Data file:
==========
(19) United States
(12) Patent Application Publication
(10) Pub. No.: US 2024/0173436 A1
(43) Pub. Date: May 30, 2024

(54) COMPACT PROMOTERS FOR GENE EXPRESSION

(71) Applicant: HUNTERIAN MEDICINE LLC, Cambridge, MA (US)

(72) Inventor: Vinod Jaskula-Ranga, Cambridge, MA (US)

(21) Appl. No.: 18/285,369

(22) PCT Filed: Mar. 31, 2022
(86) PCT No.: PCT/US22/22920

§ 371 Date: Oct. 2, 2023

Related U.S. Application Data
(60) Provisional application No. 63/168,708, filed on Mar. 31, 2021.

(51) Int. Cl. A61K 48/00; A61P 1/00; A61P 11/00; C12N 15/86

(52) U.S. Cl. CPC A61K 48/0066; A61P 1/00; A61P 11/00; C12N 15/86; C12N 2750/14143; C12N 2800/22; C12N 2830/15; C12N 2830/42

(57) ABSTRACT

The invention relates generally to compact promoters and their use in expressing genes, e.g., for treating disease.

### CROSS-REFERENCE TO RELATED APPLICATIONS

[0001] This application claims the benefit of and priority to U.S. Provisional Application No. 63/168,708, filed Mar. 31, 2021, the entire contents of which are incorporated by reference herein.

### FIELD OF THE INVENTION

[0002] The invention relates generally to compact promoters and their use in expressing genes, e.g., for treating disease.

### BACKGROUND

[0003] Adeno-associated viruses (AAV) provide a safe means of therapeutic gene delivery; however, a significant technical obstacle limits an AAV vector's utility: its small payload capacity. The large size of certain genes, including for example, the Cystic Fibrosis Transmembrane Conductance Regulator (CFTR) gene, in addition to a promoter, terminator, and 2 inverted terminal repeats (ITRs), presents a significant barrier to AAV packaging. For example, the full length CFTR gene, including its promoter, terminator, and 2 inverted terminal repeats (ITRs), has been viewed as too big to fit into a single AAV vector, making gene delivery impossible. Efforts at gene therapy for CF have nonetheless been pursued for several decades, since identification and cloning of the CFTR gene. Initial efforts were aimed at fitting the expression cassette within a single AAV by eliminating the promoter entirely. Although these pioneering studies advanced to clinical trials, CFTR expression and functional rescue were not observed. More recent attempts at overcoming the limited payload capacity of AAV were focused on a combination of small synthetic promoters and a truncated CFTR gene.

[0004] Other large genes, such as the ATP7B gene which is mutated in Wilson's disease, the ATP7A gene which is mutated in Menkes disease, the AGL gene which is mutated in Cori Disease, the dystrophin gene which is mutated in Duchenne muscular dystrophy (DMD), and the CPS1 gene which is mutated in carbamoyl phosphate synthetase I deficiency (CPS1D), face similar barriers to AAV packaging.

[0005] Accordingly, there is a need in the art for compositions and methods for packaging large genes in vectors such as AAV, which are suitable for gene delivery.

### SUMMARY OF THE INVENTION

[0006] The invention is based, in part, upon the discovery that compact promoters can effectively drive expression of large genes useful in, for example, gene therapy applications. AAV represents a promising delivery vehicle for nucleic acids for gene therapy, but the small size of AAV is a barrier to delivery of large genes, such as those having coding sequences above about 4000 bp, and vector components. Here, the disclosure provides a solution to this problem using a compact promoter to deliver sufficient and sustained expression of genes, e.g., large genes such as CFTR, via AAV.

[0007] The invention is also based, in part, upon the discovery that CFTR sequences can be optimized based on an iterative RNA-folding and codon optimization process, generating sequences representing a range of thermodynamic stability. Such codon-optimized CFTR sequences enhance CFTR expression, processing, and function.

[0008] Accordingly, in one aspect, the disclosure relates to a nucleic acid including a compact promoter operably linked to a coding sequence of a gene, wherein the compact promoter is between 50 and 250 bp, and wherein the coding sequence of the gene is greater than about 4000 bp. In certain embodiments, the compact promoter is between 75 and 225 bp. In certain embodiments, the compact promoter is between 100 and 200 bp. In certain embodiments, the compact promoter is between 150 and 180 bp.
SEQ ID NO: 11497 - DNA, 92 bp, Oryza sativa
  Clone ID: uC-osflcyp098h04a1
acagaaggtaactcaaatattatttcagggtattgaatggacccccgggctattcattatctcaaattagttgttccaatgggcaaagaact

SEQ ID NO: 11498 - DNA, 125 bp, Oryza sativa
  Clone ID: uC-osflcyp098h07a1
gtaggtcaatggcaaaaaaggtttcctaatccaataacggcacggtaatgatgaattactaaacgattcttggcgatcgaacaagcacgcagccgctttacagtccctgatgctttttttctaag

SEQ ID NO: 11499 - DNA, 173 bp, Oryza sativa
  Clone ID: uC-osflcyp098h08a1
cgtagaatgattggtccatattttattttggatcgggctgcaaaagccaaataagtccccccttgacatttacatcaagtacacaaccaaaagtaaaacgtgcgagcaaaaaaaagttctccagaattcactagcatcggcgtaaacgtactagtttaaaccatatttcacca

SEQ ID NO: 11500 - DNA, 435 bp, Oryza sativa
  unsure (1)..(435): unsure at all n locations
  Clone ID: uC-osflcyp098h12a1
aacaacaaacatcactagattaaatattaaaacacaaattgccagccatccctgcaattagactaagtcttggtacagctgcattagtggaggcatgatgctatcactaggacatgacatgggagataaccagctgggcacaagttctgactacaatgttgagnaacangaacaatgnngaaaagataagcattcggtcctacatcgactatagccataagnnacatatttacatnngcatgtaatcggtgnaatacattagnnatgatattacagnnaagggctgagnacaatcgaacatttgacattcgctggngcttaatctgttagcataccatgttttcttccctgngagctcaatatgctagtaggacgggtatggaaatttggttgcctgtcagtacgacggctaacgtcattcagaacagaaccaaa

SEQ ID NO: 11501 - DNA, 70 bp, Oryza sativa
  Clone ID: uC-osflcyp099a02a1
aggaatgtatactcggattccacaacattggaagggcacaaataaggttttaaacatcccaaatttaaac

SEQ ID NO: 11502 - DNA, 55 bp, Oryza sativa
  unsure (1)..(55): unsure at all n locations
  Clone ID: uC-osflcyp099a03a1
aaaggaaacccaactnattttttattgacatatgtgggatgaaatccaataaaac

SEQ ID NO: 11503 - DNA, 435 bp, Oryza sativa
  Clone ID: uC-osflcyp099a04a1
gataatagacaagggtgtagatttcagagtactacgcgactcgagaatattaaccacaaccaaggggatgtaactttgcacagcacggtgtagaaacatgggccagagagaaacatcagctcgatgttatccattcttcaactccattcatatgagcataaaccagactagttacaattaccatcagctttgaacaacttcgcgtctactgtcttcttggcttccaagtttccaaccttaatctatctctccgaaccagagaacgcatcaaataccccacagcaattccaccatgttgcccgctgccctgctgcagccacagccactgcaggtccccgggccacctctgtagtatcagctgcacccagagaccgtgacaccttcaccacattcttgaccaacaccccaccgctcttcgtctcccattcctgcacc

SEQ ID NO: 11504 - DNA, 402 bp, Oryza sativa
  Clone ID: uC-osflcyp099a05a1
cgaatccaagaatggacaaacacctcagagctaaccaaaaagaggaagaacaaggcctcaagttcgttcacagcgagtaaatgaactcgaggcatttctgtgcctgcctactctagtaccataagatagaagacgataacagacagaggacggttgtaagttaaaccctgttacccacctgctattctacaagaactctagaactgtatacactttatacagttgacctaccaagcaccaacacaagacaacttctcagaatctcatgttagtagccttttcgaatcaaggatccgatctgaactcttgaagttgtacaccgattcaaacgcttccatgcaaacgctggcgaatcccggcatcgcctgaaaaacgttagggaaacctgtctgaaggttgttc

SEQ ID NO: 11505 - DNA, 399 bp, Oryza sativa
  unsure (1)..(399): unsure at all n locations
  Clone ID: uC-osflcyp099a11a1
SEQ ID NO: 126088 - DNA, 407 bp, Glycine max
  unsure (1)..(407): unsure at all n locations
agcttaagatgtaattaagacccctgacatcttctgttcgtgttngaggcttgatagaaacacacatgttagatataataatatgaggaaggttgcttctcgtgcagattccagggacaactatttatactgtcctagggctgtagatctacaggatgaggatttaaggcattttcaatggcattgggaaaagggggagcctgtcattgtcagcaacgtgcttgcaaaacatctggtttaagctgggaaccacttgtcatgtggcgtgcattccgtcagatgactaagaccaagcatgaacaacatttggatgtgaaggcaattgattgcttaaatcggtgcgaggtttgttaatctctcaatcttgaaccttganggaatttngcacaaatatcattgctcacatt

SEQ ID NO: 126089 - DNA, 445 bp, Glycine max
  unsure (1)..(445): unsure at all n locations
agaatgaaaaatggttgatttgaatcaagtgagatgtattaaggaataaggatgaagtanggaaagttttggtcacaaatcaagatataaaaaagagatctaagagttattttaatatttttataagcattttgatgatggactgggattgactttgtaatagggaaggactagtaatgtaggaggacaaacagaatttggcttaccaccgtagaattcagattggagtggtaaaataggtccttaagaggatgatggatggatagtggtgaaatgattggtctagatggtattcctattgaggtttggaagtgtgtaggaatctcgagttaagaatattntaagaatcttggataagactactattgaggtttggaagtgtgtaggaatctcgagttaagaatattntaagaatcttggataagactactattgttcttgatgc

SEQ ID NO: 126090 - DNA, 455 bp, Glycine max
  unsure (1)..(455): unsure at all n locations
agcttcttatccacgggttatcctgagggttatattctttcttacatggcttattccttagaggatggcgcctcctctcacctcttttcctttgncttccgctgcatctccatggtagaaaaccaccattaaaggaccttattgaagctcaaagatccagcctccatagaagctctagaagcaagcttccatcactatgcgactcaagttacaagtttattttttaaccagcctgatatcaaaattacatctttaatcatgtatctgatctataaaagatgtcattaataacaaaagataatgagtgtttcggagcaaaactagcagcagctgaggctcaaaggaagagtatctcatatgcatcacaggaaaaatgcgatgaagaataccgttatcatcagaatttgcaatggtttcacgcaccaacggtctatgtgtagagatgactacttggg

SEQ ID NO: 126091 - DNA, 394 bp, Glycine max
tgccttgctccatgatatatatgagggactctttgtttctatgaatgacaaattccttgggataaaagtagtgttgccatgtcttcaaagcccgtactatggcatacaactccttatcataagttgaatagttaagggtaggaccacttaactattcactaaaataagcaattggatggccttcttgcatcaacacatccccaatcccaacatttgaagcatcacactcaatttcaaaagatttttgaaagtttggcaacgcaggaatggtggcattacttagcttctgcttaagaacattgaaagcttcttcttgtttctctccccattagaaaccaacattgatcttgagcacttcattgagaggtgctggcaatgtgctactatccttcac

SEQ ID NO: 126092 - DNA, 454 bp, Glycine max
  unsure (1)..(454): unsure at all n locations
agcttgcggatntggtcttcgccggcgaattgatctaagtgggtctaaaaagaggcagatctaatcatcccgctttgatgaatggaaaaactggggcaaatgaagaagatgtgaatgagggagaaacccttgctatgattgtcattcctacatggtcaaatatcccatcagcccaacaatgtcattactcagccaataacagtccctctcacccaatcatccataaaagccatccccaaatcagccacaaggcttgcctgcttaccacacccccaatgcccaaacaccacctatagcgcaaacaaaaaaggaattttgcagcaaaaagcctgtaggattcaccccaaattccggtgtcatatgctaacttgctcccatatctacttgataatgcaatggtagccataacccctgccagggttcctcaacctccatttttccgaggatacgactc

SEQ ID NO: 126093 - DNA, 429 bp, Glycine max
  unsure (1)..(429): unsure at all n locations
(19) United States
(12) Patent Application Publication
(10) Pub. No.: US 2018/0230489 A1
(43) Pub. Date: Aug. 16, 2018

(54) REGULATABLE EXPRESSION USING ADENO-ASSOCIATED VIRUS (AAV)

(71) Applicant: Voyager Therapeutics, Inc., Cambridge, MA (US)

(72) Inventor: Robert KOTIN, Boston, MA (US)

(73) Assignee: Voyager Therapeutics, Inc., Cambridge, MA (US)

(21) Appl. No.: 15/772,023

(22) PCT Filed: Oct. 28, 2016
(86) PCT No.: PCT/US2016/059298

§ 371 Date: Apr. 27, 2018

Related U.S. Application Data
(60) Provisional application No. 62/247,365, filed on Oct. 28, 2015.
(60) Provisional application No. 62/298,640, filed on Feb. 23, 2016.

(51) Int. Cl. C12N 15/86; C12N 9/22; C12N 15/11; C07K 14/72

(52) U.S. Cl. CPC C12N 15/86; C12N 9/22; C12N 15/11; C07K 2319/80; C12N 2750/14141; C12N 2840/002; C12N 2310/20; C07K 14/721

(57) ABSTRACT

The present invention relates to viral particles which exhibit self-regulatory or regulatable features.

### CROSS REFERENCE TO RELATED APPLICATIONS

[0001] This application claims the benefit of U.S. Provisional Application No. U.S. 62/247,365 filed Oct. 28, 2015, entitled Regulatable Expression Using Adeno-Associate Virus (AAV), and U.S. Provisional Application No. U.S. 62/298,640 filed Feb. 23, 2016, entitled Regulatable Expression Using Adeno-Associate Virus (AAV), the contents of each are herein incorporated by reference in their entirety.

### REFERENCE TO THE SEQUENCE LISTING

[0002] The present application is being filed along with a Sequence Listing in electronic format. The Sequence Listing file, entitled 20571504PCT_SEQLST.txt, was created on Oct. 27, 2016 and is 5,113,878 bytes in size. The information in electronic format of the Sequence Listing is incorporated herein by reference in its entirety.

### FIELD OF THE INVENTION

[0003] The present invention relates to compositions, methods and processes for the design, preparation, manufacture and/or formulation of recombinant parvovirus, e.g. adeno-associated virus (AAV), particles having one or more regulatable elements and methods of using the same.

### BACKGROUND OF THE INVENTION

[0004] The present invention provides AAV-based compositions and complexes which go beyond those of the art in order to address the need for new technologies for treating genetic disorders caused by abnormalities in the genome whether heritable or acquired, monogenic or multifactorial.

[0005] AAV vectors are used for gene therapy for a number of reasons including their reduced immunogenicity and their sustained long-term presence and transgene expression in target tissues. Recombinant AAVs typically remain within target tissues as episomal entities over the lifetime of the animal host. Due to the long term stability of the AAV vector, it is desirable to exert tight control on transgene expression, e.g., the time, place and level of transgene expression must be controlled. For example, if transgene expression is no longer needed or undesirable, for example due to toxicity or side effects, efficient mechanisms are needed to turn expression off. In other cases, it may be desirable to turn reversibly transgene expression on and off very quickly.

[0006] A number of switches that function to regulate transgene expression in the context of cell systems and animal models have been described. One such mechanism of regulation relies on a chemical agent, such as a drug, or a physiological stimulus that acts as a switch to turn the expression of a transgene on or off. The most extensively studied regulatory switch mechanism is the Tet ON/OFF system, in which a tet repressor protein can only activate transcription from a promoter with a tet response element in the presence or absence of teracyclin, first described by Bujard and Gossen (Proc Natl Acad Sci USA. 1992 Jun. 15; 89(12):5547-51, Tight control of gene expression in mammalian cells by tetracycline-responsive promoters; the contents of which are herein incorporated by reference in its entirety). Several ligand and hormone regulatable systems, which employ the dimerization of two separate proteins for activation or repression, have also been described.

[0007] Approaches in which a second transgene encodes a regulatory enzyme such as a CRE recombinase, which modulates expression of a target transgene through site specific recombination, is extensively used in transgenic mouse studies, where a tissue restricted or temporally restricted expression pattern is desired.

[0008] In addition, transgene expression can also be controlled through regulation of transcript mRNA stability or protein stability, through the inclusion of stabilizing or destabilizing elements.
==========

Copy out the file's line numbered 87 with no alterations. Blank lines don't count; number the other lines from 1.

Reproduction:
Related U.S. Application Data